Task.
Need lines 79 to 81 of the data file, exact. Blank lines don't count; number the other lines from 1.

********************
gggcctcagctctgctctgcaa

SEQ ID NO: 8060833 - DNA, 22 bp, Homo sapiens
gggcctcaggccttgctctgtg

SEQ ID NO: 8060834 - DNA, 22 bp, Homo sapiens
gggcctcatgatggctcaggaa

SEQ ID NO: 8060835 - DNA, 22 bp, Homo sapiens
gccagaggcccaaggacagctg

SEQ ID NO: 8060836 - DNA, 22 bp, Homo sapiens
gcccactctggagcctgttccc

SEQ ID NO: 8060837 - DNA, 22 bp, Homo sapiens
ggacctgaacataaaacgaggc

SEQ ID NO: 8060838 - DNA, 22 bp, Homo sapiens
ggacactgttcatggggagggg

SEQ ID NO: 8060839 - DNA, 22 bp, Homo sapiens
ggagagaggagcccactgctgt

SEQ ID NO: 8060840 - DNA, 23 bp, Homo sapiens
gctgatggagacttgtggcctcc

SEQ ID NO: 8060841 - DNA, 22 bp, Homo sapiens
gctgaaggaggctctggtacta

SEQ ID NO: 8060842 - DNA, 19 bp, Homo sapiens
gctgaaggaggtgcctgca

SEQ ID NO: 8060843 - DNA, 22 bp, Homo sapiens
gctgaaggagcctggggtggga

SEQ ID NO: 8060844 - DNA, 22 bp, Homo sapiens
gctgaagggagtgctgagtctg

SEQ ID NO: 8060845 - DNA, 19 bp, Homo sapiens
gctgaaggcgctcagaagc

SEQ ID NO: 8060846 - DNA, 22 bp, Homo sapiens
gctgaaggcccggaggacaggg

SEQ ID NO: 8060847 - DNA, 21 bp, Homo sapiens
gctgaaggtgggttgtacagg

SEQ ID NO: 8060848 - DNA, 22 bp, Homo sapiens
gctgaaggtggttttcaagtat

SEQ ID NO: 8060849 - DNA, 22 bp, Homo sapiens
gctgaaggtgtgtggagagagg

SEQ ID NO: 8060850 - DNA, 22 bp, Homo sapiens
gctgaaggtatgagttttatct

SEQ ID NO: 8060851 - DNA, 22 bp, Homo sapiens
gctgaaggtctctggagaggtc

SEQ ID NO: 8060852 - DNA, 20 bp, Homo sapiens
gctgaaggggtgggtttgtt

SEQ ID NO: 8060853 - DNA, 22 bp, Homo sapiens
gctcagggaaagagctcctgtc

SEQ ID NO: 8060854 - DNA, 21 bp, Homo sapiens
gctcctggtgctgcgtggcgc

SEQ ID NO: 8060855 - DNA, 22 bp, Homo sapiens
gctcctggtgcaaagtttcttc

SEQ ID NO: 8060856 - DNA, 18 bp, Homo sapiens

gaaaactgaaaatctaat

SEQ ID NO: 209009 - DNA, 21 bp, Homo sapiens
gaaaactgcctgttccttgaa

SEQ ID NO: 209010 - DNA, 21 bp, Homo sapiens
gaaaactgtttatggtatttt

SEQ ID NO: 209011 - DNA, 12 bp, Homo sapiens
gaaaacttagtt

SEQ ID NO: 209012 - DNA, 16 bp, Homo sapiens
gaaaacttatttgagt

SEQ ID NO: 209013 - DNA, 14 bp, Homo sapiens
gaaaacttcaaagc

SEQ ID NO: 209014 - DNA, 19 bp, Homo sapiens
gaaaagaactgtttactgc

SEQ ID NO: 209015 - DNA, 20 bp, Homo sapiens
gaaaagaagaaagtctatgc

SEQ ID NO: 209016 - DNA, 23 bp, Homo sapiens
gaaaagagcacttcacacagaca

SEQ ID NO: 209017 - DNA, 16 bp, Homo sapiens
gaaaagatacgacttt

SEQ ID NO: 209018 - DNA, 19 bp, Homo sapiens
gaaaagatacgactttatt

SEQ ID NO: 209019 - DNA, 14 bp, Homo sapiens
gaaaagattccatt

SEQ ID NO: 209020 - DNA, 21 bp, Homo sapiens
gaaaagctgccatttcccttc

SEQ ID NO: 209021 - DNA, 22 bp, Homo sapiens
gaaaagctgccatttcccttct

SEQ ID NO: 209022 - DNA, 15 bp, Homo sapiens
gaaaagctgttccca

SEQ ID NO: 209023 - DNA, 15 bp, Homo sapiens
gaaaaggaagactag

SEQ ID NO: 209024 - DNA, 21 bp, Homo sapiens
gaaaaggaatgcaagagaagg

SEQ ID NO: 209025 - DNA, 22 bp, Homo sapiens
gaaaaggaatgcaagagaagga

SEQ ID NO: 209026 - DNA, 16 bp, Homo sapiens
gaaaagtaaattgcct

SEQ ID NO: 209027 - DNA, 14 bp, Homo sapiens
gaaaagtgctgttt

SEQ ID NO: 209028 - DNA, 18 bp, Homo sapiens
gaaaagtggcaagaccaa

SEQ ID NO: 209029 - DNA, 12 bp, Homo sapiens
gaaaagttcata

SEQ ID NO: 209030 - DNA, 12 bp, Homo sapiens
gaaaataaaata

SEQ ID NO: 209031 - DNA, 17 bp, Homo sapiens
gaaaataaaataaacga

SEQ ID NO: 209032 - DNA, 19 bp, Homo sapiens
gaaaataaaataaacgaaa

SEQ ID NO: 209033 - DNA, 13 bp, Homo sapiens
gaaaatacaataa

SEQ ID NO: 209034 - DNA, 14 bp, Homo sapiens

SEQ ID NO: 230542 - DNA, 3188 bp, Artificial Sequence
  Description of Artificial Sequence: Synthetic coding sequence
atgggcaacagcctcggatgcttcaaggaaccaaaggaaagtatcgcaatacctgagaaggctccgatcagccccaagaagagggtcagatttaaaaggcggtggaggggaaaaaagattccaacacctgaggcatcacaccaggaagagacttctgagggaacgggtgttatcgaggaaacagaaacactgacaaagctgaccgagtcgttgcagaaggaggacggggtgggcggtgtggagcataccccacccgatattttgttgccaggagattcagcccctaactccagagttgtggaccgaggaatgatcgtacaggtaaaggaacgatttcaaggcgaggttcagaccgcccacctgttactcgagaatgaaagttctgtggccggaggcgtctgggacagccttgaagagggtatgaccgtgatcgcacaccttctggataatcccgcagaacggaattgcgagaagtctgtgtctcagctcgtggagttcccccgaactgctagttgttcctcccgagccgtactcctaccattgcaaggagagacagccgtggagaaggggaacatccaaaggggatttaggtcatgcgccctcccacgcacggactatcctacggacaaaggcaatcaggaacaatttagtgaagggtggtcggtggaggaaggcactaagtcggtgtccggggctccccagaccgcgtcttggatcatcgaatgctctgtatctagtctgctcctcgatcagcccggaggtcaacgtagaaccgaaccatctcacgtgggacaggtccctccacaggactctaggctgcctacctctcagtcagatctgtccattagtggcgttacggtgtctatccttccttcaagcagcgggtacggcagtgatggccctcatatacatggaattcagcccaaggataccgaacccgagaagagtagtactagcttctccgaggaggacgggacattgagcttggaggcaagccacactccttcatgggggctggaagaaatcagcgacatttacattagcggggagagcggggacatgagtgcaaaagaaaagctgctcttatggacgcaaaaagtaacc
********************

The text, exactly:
gaaaaggaagactag

SEQ ID NO: 209024 - DNA, 21 bp, Homo sapiens
gaaaaggaatgcaagagaagg